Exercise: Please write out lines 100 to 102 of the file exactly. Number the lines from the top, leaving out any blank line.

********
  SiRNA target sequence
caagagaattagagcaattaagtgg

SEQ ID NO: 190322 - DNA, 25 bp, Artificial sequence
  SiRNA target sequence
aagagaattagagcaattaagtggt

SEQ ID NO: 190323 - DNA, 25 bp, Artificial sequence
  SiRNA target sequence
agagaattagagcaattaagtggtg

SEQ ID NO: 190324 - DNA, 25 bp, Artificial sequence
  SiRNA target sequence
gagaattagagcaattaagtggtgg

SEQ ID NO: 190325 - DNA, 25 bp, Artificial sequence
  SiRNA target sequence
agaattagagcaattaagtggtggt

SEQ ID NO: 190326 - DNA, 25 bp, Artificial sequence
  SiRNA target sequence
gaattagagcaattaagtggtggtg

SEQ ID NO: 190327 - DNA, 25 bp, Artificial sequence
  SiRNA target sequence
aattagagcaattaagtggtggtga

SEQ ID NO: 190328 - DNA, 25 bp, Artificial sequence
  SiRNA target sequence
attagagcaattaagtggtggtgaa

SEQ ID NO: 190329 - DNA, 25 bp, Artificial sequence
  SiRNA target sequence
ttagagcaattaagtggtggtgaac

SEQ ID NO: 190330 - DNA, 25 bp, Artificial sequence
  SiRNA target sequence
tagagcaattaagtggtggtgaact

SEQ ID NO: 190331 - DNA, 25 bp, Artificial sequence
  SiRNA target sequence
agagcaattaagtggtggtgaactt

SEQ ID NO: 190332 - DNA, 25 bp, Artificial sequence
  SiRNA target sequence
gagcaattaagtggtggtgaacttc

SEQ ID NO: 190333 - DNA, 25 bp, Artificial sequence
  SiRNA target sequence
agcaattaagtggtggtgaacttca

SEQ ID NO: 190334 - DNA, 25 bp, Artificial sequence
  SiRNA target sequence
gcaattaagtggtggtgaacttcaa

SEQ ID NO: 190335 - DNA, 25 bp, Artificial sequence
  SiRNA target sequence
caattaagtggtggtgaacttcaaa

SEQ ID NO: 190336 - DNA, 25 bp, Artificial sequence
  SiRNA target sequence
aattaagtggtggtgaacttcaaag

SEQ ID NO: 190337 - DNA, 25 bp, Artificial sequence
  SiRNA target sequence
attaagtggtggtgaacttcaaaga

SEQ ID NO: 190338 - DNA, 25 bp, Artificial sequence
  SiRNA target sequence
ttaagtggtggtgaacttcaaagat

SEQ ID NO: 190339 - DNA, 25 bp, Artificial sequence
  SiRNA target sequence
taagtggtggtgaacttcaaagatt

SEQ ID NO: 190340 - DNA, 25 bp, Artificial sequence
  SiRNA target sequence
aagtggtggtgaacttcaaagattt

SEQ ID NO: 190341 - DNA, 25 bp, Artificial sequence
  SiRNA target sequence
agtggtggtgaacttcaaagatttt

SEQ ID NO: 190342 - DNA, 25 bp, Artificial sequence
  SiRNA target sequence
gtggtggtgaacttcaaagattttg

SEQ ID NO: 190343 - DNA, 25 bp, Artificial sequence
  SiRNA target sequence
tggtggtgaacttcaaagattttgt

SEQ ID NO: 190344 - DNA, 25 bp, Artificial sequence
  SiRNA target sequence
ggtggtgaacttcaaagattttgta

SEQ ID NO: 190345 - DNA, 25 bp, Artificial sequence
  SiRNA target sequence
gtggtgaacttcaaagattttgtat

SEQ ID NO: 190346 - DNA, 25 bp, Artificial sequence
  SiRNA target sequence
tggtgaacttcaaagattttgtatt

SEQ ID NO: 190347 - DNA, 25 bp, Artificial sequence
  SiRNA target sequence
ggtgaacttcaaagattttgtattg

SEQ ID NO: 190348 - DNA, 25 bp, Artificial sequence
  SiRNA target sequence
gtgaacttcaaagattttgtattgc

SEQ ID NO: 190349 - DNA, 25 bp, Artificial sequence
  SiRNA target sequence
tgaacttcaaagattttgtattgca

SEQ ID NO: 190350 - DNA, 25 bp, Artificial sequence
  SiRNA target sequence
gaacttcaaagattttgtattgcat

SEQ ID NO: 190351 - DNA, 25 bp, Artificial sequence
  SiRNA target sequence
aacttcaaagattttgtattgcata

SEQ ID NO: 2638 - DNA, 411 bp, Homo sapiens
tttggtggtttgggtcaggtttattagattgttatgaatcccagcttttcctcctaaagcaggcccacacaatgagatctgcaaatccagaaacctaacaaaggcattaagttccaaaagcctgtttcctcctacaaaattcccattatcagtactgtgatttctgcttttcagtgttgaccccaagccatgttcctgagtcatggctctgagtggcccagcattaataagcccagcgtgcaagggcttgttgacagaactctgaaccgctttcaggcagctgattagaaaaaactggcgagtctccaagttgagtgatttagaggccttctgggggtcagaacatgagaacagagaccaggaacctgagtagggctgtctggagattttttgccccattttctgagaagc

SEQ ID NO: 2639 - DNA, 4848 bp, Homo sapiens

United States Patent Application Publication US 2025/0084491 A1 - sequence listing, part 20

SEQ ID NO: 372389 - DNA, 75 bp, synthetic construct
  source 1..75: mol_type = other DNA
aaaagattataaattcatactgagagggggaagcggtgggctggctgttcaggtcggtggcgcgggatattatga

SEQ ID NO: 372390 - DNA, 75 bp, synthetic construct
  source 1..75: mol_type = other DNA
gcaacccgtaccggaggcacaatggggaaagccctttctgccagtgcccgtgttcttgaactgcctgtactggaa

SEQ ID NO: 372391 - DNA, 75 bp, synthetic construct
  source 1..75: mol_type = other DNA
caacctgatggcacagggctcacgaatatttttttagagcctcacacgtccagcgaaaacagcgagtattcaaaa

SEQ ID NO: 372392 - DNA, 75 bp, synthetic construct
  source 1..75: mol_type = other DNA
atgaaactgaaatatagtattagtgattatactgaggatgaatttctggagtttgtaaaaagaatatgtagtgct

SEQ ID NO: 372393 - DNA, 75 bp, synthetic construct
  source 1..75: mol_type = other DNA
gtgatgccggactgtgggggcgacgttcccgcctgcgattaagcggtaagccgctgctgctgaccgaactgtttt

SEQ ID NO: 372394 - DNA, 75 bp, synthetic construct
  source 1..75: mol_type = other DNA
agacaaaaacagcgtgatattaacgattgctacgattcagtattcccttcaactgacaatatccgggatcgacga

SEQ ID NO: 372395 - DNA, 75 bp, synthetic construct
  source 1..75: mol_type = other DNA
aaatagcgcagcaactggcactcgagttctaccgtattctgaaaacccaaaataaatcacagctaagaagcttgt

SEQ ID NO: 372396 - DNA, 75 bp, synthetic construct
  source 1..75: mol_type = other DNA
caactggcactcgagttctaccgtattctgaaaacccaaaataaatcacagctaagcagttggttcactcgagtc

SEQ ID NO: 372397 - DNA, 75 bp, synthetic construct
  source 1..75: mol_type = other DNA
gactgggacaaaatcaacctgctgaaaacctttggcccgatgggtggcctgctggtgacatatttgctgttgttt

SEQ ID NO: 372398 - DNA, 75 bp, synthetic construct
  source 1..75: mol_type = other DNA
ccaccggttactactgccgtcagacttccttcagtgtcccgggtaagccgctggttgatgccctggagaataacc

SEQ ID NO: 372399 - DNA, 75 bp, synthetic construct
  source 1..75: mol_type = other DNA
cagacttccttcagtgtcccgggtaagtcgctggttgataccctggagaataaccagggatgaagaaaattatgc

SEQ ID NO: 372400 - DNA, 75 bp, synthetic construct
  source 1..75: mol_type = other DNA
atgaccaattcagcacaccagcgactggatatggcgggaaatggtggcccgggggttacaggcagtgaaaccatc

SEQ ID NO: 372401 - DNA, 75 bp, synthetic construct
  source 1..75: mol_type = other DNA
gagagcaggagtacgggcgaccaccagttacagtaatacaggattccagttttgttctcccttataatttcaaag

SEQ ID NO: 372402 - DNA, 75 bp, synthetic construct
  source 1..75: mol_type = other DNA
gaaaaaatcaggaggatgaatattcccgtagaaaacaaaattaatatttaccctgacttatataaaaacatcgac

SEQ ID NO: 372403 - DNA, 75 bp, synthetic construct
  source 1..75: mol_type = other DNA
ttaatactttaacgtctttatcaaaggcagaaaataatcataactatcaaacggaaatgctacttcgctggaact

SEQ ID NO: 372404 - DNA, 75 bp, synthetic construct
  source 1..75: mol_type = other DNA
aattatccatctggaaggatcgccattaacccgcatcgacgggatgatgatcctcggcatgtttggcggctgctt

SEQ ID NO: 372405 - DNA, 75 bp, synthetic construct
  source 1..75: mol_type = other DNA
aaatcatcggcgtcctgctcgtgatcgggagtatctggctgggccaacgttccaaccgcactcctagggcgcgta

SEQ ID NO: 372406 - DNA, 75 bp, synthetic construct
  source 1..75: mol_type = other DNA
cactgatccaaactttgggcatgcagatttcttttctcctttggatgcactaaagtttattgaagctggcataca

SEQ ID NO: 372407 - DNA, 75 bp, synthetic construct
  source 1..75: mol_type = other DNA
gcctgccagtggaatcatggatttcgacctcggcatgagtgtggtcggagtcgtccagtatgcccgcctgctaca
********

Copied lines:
SEQ ID NO: 372390 - DNA, 75 bp, synthetic construct
  source 1..75: mol_type = other DNA
gcaacccgtaccggaggcacaatggggaaagccctttctgccagtgcccgtgttcttgaactgcctgtactggaa